Healthy, happy, and safe: Helping elderly people live their best lives
Aging affects all of us differently.
“Human beings are complex. Life is complex. There’s a long list of health troubles we might experience as we get older,” says Dr. Douglas Smucker, Medical Advisor for the Council on Aging of Southwestern Ohio.
But, as we age, the chance of experiencing a chronic condition—or “an ongoing condition that may not be able to be completely cured or reversed, something you have to cope with”—increases. The effects of chronic conditions are not just physical, Dr. Smucker says, but also mental and emotional.
Even common chronic conditions that are not “medically complex,” such as severe osteoarthritis in just one knee or hip, can have a profound effect on an elderly person. “It might make walking difficult, increase fall risk, and make you more isolated, which can make you more prone to depression.”
Dr. Smucker says the big picture for coping with aging and the chronic conditions that can accompany getting older is “being able to function the way you want to in order to maintain independence and dignity.”
Walk beside me
Physicians in geriatrics consider Activities of Daily Living (ADLs) and Instrumental Activities of Daily Living (IADLs) as they assess patients’ ongoing care needs and their ability to live independently. Examples of ADLs include “essential skills,” such as bathing and dressing, whereas IADLs are a bit more complex and involve activities such as money management and food preparation.
Dr. Smucker says that as those IADLs and ADLs begin to erode, Council on Aging can act as an excellent resource for seniors in the community coping with chronic health conditions. “Their real strength is bringing in a variety of social supports to assist with daily functioning and healthy living.
“[Representatives from Council on Aging] walk beside [their clients] like a well-informed family member helping to coordinate home care services. It’s such a wonderful support and resource for patients who want to remain independent and find ways to cope with chronic conditions to live as well as they can.”
The work Council on Aging does to help elderly individuals maintain their independence takes many forms, including (but not limited to) senior home care services such as personal care, housekeeping, meals, and transportation, Dr. Smucker says.
For aging adults to maintain independence, it is critical that they can move freely and safely in their residence. People Working Cooperatively (PWC) provides remodeling and emergency services that help elderly people maintain a safe and comfortable environment as they age in place. Low-income elderly community members can benefit from this program free of charge.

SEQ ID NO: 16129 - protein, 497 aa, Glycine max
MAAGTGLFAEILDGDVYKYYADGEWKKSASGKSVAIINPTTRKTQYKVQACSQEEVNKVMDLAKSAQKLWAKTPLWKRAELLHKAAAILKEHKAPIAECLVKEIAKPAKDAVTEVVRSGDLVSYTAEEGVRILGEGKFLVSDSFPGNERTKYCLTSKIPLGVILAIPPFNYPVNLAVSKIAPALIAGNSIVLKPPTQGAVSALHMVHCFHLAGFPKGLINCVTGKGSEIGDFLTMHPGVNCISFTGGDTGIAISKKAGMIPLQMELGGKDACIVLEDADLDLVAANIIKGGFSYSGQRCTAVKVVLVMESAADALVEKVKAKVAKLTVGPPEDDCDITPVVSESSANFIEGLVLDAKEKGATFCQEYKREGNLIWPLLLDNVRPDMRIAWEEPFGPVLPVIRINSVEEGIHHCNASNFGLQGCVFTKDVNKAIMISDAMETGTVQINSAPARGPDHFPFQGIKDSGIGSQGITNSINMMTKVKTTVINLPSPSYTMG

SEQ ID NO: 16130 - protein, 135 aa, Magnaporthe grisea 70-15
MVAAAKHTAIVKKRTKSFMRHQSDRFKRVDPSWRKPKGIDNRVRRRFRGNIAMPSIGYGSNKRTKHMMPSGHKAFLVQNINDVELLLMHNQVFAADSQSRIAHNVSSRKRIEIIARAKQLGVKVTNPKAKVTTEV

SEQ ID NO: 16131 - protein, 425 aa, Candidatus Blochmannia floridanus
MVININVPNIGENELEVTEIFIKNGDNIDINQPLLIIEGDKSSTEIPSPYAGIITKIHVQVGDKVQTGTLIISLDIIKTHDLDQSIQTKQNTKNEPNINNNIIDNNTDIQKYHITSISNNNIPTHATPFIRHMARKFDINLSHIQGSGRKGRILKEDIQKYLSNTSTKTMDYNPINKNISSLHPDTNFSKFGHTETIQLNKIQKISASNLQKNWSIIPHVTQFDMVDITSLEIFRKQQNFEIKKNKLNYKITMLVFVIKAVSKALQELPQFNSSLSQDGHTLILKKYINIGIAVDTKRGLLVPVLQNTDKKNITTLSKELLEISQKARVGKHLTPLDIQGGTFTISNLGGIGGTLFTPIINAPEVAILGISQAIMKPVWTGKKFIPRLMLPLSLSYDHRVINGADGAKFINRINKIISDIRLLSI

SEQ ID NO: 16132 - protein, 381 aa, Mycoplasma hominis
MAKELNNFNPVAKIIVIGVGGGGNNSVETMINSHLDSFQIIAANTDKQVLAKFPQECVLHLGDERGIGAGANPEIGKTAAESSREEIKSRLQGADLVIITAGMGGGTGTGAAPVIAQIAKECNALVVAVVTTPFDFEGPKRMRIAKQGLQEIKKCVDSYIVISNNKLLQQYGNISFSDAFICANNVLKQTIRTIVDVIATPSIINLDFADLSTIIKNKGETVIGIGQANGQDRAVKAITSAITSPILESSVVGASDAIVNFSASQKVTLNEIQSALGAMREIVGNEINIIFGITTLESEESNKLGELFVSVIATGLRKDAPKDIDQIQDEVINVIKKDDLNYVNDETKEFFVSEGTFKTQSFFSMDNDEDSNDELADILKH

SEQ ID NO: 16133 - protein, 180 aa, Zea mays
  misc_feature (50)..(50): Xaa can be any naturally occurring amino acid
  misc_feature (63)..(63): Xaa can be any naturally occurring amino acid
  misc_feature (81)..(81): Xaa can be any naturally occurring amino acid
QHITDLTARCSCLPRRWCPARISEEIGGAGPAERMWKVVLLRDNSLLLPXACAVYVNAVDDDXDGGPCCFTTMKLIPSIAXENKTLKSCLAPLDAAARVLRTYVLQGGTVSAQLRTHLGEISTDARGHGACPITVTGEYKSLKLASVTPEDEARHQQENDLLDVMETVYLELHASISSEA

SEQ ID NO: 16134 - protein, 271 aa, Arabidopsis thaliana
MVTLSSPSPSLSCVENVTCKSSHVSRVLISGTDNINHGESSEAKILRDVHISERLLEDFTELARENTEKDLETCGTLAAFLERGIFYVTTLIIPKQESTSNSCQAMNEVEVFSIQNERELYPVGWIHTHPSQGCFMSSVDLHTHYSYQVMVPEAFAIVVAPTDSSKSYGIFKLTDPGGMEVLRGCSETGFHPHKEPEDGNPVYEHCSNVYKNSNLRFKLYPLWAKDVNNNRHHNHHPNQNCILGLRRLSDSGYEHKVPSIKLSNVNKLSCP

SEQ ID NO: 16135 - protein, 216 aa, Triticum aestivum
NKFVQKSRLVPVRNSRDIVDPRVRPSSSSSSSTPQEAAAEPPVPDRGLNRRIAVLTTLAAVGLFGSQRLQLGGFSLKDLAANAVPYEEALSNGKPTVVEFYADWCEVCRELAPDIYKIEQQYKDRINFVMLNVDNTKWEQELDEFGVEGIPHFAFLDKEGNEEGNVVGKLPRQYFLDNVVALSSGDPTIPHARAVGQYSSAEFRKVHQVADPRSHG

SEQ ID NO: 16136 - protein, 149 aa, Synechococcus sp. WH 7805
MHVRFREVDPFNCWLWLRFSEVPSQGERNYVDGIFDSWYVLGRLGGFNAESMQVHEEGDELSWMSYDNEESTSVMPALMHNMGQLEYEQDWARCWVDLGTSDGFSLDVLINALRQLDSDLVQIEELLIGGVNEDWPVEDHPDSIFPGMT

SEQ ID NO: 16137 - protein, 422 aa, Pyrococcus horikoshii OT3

PWC provides evidence-based fall-prevention education, which includes strength and balance exercises in addition to education about home modifications, at their Innovation Center.
Nina Creech, PWC’s Senior Vice President of Whole Home, says, “We make assessments in the home and provide a personalized overview of falls risk factors and ways to address them.”
PWC suggests assessment tools to determine how an elderly person’s current living situation aligns with their changing needs.
“It’s important to check your risk,” Creech says, “There are many steps you can take to prevent a fall, and PWC provides the professional services to make those changes.” After all, a fall could lead to a significant injury and act as a “big turning point” in an elderly individual’s ability to live independently, according to Dr. Smucker.
Happy, healthy, and safe
Dr. Smucker says that a few questions are central to caring for elders living at home: “What is the person coping with in terms of chronic conditions and doing daily tasks? Is that person healthy, happy, and safe in their current living situation?”
If a new setting, such as assisted living, might need to be considered at some point, the question becomes, “When have we reached the limit of how much help we can bring into the home to compensate for the difficulties they have with remaining safe and healthy each day?”
Health Care Access Now dispatches Community Health Workers (CHWs) to help aging adults continue to live their best lives. CHWs often connect clients with Council on Aging as their needs compound. Often needs compound when chronic health issues intensify.
Council on Aging “does [its] best to put as much assistance into someone’s home as [it] can.” A variety of support programs and resources can be accessed through its website.